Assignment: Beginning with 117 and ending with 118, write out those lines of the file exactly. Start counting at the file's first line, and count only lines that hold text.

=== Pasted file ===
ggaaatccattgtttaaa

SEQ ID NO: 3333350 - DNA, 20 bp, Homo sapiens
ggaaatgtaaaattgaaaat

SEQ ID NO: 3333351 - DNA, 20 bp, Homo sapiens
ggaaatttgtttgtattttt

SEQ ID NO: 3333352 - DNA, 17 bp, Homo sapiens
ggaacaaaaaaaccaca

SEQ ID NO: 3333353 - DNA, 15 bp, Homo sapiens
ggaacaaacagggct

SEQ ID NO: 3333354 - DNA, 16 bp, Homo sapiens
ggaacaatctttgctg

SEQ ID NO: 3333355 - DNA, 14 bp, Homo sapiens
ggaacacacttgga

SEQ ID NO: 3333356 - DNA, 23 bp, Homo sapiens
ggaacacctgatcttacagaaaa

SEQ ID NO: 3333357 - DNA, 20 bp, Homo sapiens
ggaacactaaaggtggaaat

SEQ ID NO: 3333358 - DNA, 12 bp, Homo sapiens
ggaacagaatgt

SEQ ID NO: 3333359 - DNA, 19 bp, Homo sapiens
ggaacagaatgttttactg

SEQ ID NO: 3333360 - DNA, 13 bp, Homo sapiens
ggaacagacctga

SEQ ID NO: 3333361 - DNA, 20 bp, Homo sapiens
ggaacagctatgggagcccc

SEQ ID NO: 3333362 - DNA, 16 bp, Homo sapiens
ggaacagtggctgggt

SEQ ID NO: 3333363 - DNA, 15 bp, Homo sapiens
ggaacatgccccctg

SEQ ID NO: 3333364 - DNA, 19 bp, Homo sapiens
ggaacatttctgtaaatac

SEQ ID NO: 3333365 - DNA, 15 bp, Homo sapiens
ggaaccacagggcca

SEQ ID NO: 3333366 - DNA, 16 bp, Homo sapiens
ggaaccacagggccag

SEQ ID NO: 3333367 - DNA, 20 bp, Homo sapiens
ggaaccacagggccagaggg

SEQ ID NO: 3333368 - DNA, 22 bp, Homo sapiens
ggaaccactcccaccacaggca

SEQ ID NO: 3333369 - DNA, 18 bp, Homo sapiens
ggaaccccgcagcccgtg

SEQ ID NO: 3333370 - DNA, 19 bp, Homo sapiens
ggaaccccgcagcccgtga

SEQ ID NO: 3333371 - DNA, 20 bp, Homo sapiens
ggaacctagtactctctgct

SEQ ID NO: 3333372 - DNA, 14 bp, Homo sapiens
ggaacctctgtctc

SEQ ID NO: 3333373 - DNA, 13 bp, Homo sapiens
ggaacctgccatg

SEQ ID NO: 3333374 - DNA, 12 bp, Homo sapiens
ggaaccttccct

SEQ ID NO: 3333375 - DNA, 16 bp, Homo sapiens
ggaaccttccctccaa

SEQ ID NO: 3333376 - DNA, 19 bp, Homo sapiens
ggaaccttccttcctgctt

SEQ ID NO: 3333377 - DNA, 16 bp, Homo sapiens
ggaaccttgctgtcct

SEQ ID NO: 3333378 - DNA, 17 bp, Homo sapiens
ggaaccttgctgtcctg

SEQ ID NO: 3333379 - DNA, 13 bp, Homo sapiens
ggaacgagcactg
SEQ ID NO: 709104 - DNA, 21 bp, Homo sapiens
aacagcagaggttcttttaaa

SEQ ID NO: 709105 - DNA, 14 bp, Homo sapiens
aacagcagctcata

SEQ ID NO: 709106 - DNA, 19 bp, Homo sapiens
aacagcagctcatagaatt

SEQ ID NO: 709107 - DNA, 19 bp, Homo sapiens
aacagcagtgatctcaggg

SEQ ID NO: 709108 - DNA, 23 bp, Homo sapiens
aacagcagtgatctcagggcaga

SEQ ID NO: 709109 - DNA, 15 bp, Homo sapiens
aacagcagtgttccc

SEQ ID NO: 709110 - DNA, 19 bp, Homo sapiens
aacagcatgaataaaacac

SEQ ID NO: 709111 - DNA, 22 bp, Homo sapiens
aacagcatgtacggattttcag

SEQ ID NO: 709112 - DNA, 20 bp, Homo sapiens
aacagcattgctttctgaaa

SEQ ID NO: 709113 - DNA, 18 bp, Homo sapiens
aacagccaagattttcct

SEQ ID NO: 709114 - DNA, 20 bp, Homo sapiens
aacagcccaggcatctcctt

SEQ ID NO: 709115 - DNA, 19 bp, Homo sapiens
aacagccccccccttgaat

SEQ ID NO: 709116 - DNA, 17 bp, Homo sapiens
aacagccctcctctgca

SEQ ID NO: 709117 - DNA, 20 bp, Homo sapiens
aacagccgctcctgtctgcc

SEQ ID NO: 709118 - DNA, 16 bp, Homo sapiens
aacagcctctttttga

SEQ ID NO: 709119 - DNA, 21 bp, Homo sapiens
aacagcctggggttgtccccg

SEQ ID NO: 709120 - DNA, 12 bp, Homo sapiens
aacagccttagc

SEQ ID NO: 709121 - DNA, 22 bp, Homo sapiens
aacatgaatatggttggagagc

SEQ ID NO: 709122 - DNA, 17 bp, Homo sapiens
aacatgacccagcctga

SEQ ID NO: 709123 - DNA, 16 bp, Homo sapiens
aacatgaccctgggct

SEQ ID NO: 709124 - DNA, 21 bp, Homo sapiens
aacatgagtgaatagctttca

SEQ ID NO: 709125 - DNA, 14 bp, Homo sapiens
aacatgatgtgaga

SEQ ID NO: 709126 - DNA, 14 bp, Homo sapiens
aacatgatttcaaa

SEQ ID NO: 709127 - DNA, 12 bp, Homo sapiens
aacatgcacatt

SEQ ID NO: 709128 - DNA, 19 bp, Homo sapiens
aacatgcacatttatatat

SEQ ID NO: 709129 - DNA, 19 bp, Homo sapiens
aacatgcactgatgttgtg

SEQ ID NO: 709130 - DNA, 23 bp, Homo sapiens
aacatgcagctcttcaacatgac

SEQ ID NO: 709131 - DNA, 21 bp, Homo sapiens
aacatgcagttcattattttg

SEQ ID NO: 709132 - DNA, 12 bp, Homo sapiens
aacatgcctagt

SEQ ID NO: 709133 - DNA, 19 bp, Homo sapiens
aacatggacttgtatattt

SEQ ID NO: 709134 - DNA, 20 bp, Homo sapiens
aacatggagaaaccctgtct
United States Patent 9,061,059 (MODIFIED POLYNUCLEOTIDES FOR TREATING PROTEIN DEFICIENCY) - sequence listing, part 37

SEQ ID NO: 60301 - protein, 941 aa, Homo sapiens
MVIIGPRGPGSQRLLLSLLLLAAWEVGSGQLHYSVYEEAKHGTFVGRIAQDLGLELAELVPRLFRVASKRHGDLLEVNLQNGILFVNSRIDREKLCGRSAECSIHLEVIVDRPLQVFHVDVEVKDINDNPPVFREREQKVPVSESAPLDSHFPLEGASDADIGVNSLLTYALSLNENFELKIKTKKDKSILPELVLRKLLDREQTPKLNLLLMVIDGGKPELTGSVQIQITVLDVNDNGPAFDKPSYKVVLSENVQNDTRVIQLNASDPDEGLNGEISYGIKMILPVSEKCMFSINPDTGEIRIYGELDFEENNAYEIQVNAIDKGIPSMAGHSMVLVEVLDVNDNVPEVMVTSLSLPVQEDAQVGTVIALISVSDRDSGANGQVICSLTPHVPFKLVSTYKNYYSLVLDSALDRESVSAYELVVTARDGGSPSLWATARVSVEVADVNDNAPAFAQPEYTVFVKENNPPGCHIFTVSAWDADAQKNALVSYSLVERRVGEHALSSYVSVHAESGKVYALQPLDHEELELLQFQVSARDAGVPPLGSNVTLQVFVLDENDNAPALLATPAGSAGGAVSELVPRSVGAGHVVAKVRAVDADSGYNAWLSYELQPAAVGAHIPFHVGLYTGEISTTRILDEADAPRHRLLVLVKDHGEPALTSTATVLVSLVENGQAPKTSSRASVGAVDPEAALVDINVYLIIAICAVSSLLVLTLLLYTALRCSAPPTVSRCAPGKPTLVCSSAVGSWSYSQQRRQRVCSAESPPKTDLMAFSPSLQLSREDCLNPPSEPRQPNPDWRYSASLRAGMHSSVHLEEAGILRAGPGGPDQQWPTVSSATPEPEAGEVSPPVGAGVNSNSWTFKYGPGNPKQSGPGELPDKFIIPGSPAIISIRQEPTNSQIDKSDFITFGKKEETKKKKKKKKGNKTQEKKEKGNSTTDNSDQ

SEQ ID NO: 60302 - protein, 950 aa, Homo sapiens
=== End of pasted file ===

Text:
aacatgcagttcattattttg

SEQ ID NO: 709132 - DNA, 12 bp, Homo sapiens